I have been streaming for quite some time. I have had my ups and downs, my busy streams, dead streams. All of it. I’ve read guides on how to become a better streamer and have put many of the tactics I have read to work. Through it all, these guides have helped me grow my channel to what it is, and helped me grow a community of viewers I am proud of.
I don’t claim to know much about anything, but one thing I felt like I could share were some tips on how to slay the silence. What do I mean by slaying the silence? One thing you will read in almost every streaming tips list, is that silence can hurt and hurt bad. To say it another way, when you are streaming, you have a few seconds to a minute in which a wayward viewer will enter your stream and decide to stay or move along.
I will use myself as an example. When I browse around to find new streamers to enjoy one thing I see all to often is long stretches where they simply say… nothing. This is not always a death blow for me as a viewer, but when I join a stream and the streamer is silent, the clock definitely starts ticking. Sure the game you are playing is awesome and part of why I am here, but just watching your face isn’t adding anything to my experience.
“Yeah, yeah I’ve heard this a thousand times!” you might say. Okay, then let me tell you how I have combatted the silence when I stream and maybe you can take and apply some of these tactics to capture a few more viewers.
Inner monologue need not be…inner:
This is perhaps the best change I ever made. If you are anything like me, I talk a lot of shit, laugh, cry, and scream in my head…we all do. Especially when playing games. This inner voice is perfect material for streaming. This is what people are looking for. Take it from me: when streaming a game, if you are thinking it…say it.
The voice in your head is yours, it’s who you are. It’s what people want to see, hear and ultimately get attached to. So open up and let them experience it all with you! It will give you a lot more to say and will definitely help you slay the silence.
Stream music can be more than just music:
I play a lot of music on my stream, and I have had many conversations about music. Music is one of those things that can appeal to your viewers. I often use the music on my channel as a talking point when I feel I have nothing else to say: “I love this song”, “This beat is legit.”, “Do you guys like this kind of music?” – something like that. You can use your music as a topic of discussion or if there is no discussion, simply throwing out statements about the music can spur conversations and even pull out some lurkers. I have done this many times, and it works. People are passionate about music, and it can be one of the main things that can bring people in or push them away if you’re not careful with your music selection.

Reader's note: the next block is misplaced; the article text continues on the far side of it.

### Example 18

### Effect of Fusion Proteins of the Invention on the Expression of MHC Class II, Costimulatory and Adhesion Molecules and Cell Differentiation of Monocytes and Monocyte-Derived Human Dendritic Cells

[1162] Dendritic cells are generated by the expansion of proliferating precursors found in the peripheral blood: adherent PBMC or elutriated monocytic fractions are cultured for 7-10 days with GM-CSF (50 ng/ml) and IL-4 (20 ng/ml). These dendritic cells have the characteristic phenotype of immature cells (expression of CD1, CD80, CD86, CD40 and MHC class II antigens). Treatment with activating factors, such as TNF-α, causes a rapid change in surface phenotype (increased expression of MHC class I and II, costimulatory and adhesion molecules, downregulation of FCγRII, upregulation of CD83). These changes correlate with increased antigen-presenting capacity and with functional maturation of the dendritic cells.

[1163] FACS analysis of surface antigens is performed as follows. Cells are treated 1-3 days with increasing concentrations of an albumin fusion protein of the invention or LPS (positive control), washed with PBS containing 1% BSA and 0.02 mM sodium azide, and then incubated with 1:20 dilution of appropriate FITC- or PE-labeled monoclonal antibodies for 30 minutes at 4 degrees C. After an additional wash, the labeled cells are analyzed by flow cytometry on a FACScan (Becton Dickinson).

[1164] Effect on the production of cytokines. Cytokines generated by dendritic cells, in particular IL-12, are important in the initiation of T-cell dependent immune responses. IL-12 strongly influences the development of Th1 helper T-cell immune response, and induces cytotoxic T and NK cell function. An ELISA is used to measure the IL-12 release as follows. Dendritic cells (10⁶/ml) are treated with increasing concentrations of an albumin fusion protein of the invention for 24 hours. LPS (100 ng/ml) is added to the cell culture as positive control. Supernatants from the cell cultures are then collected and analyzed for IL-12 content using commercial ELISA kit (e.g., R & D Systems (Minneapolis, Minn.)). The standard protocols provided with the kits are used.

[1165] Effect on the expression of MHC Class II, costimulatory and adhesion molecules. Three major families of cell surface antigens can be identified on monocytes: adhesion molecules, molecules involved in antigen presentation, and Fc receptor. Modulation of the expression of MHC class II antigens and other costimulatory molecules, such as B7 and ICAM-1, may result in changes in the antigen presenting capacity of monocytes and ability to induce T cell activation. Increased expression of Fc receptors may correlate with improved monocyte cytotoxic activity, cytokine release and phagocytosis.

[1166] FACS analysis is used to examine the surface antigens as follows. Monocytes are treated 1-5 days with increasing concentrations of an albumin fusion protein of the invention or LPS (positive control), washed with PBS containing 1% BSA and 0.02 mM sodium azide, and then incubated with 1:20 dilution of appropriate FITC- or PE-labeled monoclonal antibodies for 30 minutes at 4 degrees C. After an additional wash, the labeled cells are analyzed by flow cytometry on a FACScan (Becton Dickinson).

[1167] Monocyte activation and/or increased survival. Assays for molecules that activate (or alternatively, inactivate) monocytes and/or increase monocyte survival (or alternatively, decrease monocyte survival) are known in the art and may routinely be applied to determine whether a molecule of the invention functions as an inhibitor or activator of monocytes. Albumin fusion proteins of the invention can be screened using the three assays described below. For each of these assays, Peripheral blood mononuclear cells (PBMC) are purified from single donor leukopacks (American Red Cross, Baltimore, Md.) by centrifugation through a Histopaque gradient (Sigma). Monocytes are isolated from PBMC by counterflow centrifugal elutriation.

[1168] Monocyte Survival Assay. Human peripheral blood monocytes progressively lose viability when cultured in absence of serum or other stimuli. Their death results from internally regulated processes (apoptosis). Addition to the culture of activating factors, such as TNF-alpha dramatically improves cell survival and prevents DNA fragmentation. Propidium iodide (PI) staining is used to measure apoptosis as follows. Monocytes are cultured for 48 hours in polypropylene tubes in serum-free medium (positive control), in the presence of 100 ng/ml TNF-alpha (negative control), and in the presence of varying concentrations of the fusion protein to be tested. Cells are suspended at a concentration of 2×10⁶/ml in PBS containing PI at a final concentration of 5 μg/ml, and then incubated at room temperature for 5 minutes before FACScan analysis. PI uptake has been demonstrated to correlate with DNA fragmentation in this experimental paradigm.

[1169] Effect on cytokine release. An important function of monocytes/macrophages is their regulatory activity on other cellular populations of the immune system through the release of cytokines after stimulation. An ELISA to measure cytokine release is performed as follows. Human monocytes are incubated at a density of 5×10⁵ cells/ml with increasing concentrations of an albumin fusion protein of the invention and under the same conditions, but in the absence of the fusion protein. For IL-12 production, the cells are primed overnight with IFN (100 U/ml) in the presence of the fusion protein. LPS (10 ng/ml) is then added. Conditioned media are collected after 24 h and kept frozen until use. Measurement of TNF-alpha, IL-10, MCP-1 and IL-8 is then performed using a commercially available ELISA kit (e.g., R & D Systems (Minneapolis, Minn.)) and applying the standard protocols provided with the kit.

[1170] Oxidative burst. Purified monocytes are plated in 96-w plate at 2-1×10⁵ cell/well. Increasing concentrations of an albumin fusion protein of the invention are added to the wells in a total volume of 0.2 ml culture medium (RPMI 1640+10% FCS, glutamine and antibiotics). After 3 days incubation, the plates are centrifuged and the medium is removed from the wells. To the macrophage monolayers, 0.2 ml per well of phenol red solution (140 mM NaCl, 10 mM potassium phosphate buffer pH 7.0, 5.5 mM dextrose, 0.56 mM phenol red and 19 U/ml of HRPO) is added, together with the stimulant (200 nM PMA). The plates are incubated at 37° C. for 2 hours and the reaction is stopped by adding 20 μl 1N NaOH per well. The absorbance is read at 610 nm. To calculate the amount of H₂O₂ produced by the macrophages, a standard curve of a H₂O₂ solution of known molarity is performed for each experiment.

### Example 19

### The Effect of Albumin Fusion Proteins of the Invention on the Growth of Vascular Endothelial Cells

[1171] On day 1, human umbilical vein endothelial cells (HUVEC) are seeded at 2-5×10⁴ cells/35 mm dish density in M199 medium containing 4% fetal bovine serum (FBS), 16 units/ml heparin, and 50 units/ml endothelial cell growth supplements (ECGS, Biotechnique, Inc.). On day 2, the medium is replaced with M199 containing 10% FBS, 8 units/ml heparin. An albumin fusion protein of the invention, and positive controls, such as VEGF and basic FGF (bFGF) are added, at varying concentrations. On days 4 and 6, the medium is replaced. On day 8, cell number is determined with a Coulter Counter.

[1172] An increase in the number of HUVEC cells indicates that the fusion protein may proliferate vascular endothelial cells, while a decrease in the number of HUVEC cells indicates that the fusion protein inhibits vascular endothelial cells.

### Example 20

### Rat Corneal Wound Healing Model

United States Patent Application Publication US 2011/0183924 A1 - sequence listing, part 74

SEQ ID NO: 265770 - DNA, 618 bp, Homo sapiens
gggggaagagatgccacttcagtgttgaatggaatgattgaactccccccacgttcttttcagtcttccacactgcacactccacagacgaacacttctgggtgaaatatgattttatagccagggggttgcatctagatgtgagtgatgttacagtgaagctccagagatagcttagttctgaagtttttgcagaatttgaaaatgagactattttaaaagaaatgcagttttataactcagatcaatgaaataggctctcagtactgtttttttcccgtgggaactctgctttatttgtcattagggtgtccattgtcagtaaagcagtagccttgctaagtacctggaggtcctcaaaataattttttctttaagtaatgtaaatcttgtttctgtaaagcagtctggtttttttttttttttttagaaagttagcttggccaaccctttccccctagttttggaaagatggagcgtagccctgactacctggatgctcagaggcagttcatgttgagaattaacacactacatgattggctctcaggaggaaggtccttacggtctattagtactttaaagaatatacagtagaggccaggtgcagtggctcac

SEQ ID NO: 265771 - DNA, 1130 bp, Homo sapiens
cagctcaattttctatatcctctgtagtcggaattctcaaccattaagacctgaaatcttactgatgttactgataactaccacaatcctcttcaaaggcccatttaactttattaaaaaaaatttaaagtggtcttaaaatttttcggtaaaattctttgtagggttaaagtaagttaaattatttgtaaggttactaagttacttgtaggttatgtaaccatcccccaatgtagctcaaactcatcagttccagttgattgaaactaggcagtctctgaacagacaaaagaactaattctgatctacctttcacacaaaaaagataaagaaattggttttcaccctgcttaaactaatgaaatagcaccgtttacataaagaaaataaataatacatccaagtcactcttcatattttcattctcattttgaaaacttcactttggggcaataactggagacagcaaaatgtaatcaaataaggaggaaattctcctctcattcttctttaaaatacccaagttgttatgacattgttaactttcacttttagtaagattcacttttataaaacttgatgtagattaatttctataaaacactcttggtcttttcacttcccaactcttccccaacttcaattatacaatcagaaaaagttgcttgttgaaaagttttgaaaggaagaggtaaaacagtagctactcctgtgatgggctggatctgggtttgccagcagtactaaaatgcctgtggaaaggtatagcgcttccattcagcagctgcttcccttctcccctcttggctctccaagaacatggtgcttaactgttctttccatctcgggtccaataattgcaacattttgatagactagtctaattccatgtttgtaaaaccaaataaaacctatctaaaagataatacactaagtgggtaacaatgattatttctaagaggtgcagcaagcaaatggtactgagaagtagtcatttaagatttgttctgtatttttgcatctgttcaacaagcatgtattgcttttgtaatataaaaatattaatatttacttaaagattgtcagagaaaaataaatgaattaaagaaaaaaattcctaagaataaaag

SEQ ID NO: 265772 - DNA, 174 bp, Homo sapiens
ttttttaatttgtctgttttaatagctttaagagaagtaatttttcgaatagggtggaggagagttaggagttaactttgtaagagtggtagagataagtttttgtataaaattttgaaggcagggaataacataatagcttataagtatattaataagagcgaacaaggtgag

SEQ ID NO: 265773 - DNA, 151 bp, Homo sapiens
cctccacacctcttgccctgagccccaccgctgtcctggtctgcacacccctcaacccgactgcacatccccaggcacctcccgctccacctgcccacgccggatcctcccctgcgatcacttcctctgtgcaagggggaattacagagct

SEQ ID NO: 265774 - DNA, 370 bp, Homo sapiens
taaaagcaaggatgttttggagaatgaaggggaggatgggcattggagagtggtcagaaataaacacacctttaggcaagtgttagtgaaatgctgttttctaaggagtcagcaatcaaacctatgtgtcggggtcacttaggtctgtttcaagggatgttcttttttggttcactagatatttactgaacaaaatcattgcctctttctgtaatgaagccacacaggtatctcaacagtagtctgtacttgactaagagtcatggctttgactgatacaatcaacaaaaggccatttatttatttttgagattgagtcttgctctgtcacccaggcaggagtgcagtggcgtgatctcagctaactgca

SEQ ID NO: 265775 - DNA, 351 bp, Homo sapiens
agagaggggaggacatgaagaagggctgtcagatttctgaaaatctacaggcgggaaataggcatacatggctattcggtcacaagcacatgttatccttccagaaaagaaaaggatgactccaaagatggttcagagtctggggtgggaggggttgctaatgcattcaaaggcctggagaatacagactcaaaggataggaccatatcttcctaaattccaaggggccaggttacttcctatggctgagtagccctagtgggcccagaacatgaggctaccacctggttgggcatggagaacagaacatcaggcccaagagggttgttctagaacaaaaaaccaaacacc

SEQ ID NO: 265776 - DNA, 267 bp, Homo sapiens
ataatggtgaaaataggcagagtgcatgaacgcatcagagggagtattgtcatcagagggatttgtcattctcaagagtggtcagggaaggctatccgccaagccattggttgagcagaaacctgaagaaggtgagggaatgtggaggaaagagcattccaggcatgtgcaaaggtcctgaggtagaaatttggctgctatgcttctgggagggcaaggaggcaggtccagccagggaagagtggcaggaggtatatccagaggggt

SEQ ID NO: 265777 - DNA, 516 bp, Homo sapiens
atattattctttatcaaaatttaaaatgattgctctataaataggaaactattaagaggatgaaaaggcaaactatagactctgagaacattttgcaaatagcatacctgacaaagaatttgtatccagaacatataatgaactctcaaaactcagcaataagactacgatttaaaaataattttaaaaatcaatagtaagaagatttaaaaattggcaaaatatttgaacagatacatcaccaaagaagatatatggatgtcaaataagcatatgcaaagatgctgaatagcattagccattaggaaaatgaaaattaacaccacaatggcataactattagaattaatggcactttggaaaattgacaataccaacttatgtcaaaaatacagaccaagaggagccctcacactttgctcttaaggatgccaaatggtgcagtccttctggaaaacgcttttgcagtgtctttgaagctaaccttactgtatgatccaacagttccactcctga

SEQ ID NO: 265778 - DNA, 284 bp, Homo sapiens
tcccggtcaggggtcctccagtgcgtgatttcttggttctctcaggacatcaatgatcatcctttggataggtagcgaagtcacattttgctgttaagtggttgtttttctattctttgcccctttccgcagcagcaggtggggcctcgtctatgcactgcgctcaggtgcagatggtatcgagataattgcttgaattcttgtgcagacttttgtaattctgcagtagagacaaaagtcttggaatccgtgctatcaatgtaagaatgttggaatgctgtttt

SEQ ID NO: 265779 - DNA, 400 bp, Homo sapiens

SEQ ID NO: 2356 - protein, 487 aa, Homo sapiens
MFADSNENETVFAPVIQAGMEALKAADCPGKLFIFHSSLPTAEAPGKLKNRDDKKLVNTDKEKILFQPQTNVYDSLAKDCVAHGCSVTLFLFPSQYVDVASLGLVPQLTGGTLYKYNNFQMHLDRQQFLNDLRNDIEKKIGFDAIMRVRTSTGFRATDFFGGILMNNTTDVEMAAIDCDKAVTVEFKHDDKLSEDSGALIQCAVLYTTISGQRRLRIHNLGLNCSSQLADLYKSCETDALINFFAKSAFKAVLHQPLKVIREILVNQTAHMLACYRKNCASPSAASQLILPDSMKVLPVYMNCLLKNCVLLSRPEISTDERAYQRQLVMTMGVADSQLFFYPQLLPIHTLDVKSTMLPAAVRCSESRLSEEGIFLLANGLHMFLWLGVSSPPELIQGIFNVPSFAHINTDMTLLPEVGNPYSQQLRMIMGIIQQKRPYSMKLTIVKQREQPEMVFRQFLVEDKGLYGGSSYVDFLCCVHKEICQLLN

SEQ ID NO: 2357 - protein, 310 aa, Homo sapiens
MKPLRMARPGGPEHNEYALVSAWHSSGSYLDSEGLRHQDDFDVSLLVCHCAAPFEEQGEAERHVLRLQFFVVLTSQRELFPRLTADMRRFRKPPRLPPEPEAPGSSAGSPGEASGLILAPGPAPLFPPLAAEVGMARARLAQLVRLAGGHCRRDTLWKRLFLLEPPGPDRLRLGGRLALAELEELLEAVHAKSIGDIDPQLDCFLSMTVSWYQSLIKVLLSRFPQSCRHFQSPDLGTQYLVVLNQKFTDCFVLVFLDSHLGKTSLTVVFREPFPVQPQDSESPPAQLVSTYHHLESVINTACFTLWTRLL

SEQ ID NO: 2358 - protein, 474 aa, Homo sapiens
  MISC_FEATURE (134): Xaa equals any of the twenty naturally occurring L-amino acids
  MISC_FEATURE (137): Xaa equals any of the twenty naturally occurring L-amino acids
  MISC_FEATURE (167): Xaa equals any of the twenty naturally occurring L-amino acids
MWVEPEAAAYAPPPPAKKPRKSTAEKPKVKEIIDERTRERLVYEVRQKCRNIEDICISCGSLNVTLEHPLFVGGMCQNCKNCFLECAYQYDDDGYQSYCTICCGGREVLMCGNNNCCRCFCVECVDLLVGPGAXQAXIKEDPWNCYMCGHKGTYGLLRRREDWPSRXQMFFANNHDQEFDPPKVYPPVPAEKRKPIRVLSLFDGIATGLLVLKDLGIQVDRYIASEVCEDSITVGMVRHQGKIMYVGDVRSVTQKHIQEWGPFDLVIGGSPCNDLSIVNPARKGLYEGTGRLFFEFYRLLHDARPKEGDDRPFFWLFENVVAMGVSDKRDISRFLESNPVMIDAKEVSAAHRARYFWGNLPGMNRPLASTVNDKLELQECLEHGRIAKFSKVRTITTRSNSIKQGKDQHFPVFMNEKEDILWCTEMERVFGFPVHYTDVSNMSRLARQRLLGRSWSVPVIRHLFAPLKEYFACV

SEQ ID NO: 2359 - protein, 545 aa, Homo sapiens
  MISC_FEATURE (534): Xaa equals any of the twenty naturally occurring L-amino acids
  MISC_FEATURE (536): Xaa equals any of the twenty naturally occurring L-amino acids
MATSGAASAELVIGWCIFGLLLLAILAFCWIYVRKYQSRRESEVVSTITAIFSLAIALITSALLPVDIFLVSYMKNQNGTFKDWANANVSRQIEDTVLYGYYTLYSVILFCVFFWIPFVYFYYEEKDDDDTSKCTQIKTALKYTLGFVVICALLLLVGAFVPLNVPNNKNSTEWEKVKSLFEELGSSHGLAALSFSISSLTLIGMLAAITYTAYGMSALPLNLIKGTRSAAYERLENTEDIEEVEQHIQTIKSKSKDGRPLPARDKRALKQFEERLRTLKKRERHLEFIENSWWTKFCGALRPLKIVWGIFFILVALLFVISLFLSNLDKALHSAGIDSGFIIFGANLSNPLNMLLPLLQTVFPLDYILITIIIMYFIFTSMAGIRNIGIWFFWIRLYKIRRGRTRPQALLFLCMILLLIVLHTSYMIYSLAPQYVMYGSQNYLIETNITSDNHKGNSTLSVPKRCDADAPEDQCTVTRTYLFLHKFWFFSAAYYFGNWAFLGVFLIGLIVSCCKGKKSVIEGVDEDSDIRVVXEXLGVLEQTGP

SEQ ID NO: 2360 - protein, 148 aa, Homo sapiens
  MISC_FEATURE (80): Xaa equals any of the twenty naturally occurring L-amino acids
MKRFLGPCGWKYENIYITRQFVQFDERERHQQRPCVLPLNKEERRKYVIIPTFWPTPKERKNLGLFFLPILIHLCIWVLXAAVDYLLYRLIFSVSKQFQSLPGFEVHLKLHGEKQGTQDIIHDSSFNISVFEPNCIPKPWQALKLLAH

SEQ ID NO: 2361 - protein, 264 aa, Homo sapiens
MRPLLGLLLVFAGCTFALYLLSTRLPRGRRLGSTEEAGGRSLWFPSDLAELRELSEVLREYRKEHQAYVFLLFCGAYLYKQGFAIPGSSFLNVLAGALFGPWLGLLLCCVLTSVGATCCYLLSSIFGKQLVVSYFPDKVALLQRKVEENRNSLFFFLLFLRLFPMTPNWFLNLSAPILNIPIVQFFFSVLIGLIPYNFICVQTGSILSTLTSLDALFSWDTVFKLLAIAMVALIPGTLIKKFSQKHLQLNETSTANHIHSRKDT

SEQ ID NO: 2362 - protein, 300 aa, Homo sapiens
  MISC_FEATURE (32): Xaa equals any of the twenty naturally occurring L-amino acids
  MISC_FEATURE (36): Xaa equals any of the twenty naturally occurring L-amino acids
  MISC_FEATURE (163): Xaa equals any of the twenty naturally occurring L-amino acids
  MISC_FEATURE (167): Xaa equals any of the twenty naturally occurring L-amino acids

Your day is important to more than just you:
This one might sound weird, but this is one of those amazing things about Twitch and being a broadcaster. When you think that people are just a viewer because of the games you play, you are wrong. I have learned that my regulars (and not so regulars) actually come to see me. Sure, the games are a big part, but if you watch anyone who has a following of any size you will see people who genuinely care about the caster. You can use this to fill the silence as well. Tell them about what is going on in your life. I am not saying you should dump everything, every stream, but don’t be afraid to talk about your day, good or bad. You will be surprised how much dead air you can fill and how many awesome, genuine, and stress relieving conversations you can find yourself in.
Bring your friends:
This is my last tip, and rightfully so. Having people on stream with you can be both good and bad. My personal rule is “friends on stream in moderation”. I often have my brother SeajayTV on stream with me and we have a great time. We have our brotherly banter and talk about a lot of stuff on stream. My community knows him and enjoys when I have him on. When he is with me on stream he definitely helps me keep the silence to a minimum. It’s great!
Always keep in mind, if you are a solo streamer then your viewers are there for YOU. They want to see, hear and experience you and not always your friends. Don’t be afraid to tell people that you are streaming and want to play alone that night. If you are taking streaming seriously, they will come watch and enjoy the stream with the rest of your viewers. This tip might be the most controversial, but again, this is just one of the things I have experienced first hand and have had to keep under control.
That’s all I got. This might not be useful to all of you or might be some things you have heard before. However, I practice these things every stream and have found a small measure of success and I believe that you can too!